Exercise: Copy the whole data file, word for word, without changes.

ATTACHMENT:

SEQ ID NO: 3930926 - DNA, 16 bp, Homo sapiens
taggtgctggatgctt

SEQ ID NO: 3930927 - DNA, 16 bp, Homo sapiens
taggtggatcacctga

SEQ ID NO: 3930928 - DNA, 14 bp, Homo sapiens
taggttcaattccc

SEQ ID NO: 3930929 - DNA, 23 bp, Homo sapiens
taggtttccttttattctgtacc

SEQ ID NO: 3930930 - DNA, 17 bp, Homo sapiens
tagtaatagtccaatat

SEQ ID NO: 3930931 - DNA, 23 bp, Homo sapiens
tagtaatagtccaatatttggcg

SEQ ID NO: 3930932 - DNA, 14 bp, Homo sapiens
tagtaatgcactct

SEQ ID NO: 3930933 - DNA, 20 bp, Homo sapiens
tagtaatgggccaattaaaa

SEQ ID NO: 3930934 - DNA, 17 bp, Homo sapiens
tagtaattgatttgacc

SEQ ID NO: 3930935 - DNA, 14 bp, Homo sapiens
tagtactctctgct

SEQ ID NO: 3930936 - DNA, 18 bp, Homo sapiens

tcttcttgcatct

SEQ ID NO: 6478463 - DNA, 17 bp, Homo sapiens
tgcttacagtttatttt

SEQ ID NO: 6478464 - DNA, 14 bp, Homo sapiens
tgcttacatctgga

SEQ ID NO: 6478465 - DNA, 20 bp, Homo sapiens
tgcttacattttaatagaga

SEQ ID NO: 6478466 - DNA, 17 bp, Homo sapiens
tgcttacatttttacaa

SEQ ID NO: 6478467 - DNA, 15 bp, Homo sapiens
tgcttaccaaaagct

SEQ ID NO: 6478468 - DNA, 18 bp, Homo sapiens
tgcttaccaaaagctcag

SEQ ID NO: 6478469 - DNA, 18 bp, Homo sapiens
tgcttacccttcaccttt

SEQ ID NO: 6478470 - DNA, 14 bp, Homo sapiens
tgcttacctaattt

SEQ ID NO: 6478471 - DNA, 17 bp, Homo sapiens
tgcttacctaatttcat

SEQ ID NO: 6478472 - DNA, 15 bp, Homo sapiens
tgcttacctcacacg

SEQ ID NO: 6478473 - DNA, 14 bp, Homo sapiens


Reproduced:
SEQ ID NO: 3930926 - DNA, 16 bp, Homo sapiens
taggtgctggatgctt

SEQ ID NO: 3930927 - DNA, 16 bp, Homo sapiens
taggtggatcacctga

SEQ ID NO: 3930928 - DNA, 14 bp, Homo sapiens
taggttcaattccc

SEQ ID NO: 3930929 - DNA, 23 bp, Homo sapiens
taggtttccttttattctgtacc

SEQ ID NO: 3930930 - DNA, 17 bp, Homo sapiens
tagtaatagtccaatat

SEQ ID NO: 3930931 - DNA, 23 bp, Homo sapiens
tagtaatagtccaatatttggcg

SEQ ID NO: 3930932 - DNA, 14 bp, Homo sapiens
tagtaatgcactct

SEQ ID NO: 3930933 - DNA, 20 bp, Homo sapiens
tagtaatgggccaattaaaa

SEQ ID NO: 3930934 - DNA, 17 bp, Homo sapiens
tagtaattgatttgacc

SEQ ID NO: 3930935 - DNA, 14 bp, Homo sapiens
tagtactctctgct

SEQ ID NO: 3930936 - DNA, 18 bp, Homo sapiens

tcttcttgcatct

SEQ ID NO: 6478463 - DNA, 17 bp, Homo sapiens
tgcttacagtttatttt

SEQ ID NO: 6478464 - DNA, 14 bp, Homo sapiens
tgcttacatctgga

SEQ ID NO: 6478465 - DNA, 20 bp, Homo sapiens
tgcttacattttaatagaga

SEQ ID NO: 6478466 - DNA, 17 bp, Homo sapiens
tgcttacatttttacaa

SEQ ID NO: 6478467 - DNA, 15 bp, Homo sapiens
tgcttaccaaaagct

SEQ ID NO: 6478468 - DNA, 18 bp, Homo sapiens
tgcttaccaaaagctcag

SEQ ID NO: 6478469 - DNA, 18 bp, Homo sapiens
tgcttacccttcaccttt

SEQ ID NO: 6478470 - DNA, 14 bp, Homo sapiens
tgcttacctaattt

SEQ ID NO: 6478471 - DNA, 17 bp, Homo sapiens
tgcttacctaatttcat

SEQ ID NO: 6478472 - DNA, 15 bp, Homo sapiens
tgcttacctcacacg

SEQ ID NO: 6478473 - DNA, 14 bp, Homo sapiens